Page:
When does a news organization refuse to print idle speculation that is unsubstantiated by actual facts? That’s a hot topic in these days of fake news and inciteful diatribes by provocateur-commentator Alex Jones, whose “stories” have included accounts of how the Sandy Hook school murders were really hoaxes.
U.S. 1 waded into the morass on July 18, when it printed a letter from a reader praising a Route 1 gas station for charging less than its competitors, and for charging the same price whether one paid with cash or credit card. She also quoted an attendant who noted that other companies “watered down” their product to save money. No elaboration was offered.
In the August 8 issue another reader took issue, stating that the claim could have been “simply a tactic to demean other unnamed competitors.” This writer was “disappointed to see this letter published as it is, without at least an editorial footnote on the veracity of the claim.”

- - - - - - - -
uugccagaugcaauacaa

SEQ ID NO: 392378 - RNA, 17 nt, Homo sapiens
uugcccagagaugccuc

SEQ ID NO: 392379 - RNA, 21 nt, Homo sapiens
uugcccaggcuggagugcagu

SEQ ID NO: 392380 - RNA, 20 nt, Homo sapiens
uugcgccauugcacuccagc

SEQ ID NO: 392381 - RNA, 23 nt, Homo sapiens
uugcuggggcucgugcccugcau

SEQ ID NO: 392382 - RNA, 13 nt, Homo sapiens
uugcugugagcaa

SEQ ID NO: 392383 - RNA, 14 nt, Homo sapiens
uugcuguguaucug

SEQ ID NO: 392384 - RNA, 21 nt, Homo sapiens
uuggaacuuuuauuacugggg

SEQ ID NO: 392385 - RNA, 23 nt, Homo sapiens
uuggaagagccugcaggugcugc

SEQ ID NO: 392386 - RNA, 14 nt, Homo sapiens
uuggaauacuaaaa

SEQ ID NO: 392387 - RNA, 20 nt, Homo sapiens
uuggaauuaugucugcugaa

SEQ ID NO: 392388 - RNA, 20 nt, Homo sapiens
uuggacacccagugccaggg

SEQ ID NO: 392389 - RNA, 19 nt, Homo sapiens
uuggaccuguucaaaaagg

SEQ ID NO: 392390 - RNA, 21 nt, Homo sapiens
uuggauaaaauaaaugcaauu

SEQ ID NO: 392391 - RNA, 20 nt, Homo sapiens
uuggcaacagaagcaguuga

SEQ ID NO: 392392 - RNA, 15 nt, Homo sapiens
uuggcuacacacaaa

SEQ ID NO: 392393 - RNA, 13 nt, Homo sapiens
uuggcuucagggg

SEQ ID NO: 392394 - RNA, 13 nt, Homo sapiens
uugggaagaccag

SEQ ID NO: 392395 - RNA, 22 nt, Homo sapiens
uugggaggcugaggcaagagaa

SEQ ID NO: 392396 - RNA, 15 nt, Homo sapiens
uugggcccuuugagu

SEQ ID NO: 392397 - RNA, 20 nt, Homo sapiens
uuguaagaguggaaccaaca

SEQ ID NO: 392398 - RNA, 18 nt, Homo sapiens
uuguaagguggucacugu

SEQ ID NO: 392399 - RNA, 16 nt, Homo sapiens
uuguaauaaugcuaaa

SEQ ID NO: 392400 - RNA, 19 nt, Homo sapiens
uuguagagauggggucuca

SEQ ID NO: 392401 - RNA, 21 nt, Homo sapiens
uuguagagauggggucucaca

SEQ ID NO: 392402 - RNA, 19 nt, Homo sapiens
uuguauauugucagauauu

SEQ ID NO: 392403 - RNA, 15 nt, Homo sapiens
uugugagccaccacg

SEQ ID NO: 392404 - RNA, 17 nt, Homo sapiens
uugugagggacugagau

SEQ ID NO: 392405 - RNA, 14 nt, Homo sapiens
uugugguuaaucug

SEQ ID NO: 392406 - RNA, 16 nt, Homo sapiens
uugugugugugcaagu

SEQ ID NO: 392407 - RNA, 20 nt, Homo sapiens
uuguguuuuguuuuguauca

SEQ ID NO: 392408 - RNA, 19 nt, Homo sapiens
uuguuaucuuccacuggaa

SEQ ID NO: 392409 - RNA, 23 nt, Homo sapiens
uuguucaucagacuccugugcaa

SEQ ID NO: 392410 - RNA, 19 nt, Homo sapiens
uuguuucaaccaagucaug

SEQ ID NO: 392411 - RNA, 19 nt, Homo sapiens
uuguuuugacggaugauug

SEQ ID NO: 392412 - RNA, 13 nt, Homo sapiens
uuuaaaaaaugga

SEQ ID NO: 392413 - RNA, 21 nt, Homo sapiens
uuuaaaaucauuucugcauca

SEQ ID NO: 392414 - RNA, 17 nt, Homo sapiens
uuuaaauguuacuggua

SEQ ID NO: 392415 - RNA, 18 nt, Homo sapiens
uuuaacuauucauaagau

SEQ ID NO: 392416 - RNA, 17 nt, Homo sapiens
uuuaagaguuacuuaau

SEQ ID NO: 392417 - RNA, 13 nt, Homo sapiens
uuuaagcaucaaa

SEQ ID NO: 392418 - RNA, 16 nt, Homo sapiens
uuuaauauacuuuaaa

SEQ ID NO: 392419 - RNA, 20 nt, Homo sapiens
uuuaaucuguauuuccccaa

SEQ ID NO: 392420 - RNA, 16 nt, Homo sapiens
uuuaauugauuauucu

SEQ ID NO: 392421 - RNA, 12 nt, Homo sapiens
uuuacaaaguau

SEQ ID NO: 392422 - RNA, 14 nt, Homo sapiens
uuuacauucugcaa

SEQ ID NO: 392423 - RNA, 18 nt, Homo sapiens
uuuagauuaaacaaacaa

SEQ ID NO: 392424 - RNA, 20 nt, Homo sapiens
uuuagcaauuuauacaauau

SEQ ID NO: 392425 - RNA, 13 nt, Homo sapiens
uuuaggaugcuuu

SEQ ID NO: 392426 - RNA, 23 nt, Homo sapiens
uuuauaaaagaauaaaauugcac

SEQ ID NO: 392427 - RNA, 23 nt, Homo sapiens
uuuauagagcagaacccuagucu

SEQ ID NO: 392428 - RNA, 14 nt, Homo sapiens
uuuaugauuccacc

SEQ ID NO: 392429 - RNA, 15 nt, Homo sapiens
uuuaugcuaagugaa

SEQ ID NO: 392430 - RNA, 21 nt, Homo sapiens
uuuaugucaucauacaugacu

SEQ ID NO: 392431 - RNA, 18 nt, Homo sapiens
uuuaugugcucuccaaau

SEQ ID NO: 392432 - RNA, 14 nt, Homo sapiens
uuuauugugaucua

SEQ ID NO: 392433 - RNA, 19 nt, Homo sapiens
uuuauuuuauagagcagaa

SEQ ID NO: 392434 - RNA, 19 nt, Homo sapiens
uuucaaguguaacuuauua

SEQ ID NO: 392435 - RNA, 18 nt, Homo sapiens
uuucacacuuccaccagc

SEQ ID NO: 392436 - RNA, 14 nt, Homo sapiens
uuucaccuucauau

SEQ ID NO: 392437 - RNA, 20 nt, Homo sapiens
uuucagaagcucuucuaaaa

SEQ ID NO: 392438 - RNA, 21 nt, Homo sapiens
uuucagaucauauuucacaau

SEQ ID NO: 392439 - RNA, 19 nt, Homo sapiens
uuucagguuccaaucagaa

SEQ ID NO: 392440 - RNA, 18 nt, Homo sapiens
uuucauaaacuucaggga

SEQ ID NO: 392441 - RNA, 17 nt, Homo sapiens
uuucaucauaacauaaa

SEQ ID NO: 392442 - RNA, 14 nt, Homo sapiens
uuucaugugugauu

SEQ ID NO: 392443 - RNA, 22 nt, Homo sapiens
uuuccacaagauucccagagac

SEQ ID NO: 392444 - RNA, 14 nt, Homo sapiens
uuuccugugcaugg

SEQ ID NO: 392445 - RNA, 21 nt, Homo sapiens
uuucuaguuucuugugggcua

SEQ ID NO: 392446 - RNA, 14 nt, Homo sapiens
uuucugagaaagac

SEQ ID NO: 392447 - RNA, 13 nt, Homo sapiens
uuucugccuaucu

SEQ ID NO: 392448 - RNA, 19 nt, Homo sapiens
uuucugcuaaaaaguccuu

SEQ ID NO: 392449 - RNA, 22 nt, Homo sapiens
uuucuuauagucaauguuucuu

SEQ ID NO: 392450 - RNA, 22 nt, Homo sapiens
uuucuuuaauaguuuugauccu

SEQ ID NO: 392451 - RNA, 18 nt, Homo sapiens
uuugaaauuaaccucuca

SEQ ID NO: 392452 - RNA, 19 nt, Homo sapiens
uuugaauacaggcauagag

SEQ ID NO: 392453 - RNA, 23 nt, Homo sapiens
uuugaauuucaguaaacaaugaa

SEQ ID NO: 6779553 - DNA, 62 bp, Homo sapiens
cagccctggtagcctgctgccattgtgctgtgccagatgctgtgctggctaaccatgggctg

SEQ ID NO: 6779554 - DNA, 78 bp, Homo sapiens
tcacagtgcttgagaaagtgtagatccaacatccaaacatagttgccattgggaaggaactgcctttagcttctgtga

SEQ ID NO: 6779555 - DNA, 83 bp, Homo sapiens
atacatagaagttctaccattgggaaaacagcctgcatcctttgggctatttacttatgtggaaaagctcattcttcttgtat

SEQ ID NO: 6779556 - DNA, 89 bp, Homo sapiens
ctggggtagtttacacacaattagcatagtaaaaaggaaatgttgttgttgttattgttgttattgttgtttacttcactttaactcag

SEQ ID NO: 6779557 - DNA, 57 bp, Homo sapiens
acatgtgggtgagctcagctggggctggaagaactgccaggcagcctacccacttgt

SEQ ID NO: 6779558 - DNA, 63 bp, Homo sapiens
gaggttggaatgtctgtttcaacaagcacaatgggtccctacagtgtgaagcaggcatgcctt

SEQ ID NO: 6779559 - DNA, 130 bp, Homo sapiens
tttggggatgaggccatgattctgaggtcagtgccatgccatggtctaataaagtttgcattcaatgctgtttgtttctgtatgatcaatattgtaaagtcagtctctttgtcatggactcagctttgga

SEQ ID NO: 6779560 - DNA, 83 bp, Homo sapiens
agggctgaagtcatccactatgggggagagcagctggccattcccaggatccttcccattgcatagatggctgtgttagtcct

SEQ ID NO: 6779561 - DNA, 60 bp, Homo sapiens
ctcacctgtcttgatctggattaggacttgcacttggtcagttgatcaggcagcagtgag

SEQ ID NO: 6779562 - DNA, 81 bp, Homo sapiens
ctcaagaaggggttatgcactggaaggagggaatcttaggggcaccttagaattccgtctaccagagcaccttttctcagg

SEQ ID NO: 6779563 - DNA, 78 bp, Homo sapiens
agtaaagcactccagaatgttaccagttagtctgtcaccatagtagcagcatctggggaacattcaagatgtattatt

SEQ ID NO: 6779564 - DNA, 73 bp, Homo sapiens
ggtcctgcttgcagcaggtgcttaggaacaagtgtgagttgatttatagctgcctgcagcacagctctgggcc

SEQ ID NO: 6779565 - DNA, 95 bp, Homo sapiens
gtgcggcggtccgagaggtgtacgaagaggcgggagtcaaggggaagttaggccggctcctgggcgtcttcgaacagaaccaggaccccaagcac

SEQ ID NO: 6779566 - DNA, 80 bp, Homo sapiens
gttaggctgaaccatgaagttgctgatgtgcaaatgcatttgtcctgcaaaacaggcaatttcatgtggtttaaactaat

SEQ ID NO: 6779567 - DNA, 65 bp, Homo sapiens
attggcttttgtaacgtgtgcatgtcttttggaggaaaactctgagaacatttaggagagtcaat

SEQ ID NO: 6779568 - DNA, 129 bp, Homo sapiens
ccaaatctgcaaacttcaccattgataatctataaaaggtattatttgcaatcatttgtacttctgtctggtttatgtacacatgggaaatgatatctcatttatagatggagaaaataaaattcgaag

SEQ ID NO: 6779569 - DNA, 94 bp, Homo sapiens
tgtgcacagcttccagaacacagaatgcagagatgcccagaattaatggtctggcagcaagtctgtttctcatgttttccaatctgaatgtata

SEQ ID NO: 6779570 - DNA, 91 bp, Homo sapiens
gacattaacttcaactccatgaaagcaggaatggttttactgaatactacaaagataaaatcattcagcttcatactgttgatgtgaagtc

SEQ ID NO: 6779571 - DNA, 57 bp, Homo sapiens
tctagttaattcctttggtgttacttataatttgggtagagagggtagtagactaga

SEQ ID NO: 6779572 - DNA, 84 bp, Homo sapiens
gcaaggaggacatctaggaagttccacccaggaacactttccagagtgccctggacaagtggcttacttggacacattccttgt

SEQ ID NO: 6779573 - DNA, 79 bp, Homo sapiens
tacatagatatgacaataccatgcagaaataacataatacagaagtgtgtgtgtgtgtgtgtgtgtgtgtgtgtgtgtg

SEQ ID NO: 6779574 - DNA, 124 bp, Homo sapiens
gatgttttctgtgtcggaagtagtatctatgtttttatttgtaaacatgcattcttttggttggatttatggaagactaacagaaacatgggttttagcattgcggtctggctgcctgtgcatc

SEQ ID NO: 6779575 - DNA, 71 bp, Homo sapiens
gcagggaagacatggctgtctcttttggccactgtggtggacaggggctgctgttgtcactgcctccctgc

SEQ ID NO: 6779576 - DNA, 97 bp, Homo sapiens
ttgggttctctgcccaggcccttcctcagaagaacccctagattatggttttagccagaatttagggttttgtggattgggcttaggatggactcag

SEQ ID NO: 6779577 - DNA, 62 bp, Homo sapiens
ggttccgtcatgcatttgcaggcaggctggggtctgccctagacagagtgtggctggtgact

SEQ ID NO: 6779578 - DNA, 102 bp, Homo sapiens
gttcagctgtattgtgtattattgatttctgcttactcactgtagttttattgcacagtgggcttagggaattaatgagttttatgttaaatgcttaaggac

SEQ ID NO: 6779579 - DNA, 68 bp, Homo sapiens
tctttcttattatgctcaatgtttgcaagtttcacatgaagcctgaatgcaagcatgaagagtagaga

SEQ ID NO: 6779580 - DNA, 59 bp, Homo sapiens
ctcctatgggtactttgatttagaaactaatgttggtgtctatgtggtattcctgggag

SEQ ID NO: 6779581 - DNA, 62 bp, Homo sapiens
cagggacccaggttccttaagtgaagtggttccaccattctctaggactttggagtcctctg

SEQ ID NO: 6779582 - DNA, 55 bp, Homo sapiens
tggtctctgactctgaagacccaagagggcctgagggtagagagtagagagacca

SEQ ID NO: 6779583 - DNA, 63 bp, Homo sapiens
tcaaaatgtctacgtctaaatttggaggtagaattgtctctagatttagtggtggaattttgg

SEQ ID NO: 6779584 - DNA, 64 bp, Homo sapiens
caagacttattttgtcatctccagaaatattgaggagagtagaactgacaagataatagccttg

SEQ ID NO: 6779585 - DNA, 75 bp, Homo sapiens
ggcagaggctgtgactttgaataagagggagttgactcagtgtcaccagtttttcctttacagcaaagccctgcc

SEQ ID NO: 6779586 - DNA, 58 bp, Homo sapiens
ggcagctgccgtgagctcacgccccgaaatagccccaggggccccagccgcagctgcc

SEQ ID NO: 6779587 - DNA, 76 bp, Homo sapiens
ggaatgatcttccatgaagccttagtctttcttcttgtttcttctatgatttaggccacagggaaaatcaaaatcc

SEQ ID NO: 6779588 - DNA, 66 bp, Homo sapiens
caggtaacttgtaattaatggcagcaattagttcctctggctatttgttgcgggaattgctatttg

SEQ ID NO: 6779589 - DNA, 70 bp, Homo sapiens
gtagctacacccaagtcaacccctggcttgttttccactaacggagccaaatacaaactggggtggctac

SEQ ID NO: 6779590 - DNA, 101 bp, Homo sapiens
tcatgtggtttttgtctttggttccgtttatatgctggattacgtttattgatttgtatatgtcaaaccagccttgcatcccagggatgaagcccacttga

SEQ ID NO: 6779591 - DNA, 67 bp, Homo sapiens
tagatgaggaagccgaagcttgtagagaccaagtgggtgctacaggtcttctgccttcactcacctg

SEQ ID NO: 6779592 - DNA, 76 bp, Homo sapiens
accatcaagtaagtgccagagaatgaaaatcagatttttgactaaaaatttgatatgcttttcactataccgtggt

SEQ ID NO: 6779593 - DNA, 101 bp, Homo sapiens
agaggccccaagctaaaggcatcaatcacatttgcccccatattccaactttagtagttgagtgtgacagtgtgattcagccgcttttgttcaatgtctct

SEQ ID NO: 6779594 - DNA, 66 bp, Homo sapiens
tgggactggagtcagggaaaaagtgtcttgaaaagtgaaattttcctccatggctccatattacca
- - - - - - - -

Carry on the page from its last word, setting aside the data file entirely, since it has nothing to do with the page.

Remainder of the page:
At the time we dismissed the original letter writer’s claim as “fanciful conjecture.” But, when one of our own staff members pointed out that water and gasoline never really mix, we took a closer look. A Google search revealed recent fuel quality inspections by the state Office of Weights and Measures. Based on unannounced tests at about 10 percent of the state’s gas stations, the state found only two selling fuel with octane levels lower than advertised — enabling the station to sell it for about 50 cents a gallon more than it was worth — figuratively speaking, “watering it down.”
The state inspections also resulted in citations against 20 stations for a variety of other violations, including failing to disclose higher credit card pricing. So we credit the “fanciful conjecture” with prompting us to look more deeply at the subject and for reminding consumers (of news or any other product) it is still caveat emptor.